Parents Overlook Deadly Threat When Childproofing Their Homes

When it comes to baby safety, a new survey shows that new and expectant parents may underestimate the deadliest threat in their home. Only 11 percent of parents surveyed by Kelton Research believe that a home fire is more likely to occur than a baby falling or being poisoned. While falls occur more often, fires are more deadly.

Fires and burns are the leading cause of unintentional home injury deaths for children over age 1, and the second leading cause for infants, according to the Home Safety Council's State of Home Safety in America.

"New parents undoubtedly have safety on their minds," said Meri-K Appy, president of the Home Safety Council. "However, the misplaced concerns revealed in this survey show a greater need for educating them about the risk their baby could face regarding fire and burns. Because a fire can happen at any time, parents need to incorporate fire safety into their childproofing plans."

The Home Safety Council and Kidde commissioned this survey, which asked about preparations for a child. Nearly two-thirds of respondents believe their home is as safe as possible. Yet, while most parents had childproofed cabinets, put up safety gates and locked poisons away, fewer had installed extra smoke and carbon monoxide (CO) alarms. Additionally, 78 percent of parents surveyed had never conducted a home fire drill.

The National Fire Protection Association reports a home fire occurs about every 80 seconds in America, and children under age five face nearly twice the risk of dying than adults. A working smoke alarm cuts your risk of dying in a fire almost in half.

"Families have on average three minutes from the time a smoke alarm sounds to escape a home fire," said Chris Rovenstine, vice president for Kidde Residential and Commercial. "That's why parents must take steps to help protect their family, including installing working smoke and CO alarms in sleeping areas, having fire extinguishers within reach and developing and practicing a fire escape plan."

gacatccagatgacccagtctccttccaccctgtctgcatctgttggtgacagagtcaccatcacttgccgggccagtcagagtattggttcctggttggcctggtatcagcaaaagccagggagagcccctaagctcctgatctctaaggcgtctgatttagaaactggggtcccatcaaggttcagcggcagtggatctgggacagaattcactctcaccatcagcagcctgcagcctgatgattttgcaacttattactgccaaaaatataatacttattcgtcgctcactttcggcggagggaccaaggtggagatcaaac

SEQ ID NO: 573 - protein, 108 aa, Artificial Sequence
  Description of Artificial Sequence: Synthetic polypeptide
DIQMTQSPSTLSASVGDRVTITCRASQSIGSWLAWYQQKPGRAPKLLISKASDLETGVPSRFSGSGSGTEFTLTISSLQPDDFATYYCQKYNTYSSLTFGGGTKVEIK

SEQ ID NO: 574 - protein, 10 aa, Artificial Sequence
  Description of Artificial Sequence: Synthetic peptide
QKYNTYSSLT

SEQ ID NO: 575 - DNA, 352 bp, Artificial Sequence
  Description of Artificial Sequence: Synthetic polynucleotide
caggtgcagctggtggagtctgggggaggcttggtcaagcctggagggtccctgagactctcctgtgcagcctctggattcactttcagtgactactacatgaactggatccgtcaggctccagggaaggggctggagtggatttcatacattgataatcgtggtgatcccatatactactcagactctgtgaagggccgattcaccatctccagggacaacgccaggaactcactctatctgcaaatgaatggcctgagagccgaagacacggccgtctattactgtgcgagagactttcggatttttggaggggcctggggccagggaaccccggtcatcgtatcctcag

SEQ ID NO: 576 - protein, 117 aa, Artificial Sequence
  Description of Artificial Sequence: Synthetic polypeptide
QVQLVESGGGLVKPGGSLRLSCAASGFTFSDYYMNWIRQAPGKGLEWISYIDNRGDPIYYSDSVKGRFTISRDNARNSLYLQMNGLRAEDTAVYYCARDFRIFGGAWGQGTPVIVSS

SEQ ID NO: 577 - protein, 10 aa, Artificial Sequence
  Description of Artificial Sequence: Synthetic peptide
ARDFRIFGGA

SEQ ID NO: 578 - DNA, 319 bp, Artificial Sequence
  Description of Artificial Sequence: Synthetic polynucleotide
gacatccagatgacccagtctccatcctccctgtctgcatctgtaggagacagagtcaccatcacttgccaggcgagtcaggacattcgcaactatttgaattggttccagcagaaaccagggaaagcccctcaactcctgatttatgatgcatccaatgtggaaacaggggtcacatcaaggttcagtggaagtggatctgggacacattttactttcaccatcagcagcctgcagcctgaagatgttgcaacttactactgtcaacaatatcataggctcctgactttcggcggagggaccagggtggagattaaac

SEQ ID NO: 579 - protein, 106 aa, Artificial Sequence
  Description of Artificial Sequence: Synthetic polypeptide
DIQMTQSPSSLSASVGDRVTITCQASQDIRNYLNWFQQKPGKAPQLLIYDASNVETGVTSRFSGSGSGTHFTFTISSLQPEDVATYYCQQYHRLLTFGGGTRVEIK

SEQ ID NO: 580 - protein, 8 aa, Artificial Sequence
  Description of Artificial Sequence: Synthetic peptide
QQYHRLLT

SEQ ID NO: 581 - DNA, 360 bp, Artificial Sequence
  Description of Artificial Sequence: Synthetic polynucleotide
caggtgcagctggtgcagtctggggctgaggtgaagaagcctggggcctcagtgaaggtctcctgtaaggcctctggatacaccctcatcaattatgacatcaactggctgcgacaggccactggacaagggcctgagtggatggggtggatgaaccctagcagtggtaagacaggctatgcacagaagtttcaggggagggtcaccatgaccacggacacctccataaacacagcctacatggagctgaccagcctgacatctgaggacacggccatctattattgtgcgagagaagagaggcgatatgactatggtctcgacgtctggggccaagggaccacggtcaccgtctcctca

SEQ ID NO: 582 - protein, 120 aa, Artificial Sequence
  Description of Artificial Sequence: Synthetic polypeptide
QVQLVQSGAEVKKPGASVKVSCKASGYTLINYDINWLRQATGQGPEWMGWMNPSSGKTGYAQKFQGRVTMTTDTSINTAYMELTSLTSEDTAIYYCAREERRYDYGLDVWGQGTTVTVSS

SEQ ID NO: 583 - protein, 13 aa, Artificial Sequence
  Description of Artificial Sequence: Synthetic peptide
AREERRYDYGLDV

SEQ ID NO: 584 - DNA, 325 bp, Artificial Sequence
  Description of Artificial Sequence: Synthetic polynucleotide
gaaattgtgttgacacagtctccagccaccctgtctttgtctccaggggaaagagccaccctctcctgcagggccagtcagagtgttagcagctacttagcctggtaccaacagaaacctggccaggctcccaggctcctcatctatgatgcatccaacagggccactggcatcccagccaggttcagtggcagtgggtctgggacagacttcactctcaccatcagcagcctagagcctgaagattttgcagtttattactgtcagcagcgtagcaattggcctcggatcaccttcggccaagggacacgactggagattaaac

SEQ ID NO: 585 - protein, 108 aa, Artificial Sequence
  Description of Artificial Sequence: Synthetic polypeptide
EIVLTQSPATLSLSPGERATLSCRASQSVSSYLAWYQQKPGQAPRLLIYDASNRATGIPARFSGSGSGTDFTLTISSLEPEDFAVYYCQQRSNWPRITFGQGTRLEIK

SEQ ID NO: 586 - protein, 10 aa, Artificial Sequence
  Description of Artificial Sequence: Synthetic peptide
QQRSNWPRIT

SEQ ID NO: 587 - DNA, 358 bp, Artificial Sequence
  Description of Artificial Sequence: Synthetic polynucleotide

As part of Baby Safety Month, Kidde and Babies "R" Us will hold complimentary "Safe Home, Safe Baby" clinics at Babies "R" Us on Saturday, September 15, 2007. The Home Safety Council will provide childproofing tips on the top home dangers for infants.

"New and expectant parents rely on us for the products and information they need to keep their babies safe and healthy, and we take that responsibility very seriously," said Janet Taake, senior vice president, general merchandise manager, Babies "R" Us. "When a baby comes home for the first time, parents need to make sure the rest of the home is as ready as the nursery. Partnering with Kidde and the Home Safety Council for our essential 'Safe Home, Safe Baby' clinics will provide our guests with the expert information they need to make their homes safe for the babies and children in their lives." For more information on this survey, childproofing tips and a safety clinic schedule, visit http://www.SafeHomeSafeBaby.com.

If you like what you see, get more delivered to your inbox weekly.
Click here to subscribe to our free premium content.

comments powered by Disqus

Digital Edition

  • Environmental Protection
  • Occupational Health & Safety
  • Infrastructure Solutions Group
  • School Planning & Managmenet
  • College Planning & Management
  • Campus Security & Life Safety